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The membrane-bound serine protease CAP2/Tmprss4 has been previously identified in vitro as a positive regulator of the epithelial sodium channel (ENaC). To study its in vivo implication in ENaC-mediated sodium absorption, we generated a knockout mouse model for CAP2/Tmprss4. Mice deficient in CAP2/Tmprss4 were viable, fertile, and did not show any obvious histological abnormalities. Unexpectedly, when challenged with sodium-deficient diet, these mice did not develop any impairment in renal sodium handling as evidenced by normal plasma and urinary sodium and potassium electrolytes, as well as normal aldosterone levels. Despite minor alterations in ENaC mRNA expression, we found no evidence for altered proteolytic cleavage of ENaC subunits. In consequence, ENaC activity, as monitored by the amiloride-sensitive rectal potential difference (ΔPD), was not altered even under dietary sodium restriction. In summary, ENaC-mediated sodium balance is not affected by lack of CAP2/Tmprss4 expression and thus, does not seem to directly control ENaC expression and activity in vivo.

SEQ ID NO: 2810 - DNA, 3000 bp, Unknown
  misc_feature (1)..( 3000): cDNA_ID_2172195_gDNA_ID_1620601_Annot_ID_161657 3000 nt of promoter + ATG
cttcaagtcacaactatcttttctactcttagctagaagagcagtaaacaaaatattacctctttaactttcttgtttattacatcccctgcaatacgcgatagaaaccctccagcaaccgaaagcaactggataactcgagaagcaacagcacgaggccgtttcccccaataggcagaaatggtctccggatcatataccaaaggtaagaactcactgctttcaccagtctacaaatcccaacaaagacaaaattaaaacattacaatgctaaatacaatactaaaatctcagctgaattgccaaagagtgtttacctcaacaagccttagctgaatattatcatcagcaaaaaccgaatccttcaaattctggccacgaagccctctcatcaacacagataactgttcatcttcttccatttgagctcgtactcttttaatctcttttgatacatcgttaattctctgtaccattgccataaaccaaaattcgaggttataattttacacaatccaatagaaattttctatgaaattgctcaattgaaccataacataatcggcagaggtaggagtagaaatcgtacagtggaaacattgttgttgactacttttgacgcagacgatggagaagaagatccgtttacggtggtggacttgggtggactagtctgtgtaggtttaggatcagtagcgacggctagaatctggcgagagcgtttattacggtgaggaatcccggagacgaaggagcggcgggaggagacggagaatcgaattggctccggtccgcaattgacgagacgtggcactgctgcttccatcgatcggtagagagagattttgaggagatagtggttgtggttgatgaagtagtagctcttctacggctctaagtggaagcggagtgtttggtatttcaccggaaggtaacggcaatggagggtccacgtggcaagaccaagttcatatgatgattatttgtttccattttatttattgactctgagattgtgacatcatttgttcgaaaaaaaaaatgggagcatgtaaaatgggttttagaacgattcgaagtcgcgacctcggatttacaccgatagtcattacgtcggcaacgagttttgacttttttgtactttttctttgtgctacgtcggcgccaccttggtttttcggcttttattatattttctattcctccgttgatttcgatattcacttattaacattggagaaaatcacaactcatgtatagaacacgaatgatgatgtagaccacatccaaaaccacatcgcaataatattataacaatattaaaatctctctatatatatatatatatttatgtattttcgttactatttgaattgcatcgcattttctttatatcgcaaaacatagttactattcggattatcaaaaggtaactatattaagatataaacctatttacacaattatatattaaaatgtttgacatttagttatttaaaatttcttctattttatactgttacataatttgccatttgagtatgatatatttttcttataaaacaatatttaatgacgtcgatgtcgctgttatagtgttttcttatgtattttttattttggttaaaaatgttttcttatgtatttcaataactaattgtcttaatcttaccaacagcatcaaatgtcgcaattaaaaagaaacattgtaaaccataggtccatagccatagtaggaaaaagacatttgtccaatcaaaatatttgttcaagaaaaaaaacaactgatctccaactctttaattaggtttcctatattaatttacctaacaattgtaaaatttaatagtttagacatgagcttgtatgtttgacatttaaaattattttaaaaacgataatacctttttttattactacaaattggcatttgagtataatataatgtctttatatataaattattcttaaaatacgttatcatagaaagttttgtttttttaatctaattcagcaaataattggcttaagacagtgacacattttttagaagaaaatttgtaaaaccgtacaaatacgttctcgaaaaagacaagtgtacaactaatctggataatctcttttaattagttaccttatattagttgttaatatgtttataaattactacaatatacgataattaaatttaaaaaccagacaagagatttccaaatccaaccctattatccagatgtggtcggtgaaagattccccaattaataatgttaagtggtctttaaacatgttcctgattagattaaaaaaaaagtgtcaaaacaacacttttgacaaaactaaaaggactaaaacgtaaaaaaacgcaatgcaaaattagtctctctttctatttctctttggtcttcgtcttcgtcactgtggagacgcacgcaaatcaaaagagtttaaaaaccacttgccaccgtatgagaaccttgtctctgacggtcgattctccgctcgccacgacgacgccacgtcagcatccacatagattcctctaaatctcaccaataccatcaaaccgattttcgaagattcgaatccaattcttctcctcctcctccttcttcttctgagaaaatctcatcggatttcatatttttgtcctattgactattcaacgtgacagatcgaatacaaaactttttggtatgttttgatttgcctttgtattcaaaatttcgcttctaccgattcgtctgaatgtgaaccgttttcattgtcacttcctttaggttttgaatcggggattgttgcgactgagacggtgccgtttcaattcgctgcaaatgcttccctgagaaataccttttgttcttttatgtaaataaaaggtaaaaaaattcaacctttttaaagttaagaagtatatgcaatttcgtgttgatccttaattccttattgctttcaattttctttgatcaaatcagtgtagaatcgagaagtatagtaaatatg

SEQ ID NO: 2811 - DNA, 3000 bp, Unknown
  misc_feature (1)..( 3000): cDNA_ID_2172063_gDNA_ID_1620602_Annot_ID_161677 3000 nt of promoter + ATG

Anna Keppner, Ditte Andreasen, Anne-Marie Mérillat, Julie Bapst, Camille Ansermet, Qing Wang, Marc Maillard, Sumedha Malsure, Antoine Nobile, Edith Hummler. Epithelial Sodium Channel-Mediated Sodium Transport Is Not Dependent on the Membrane-Bound Serine Protease CAP2/Tmprss4. PloS one. 2015;10(8):e0135224

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PMID: 26309024

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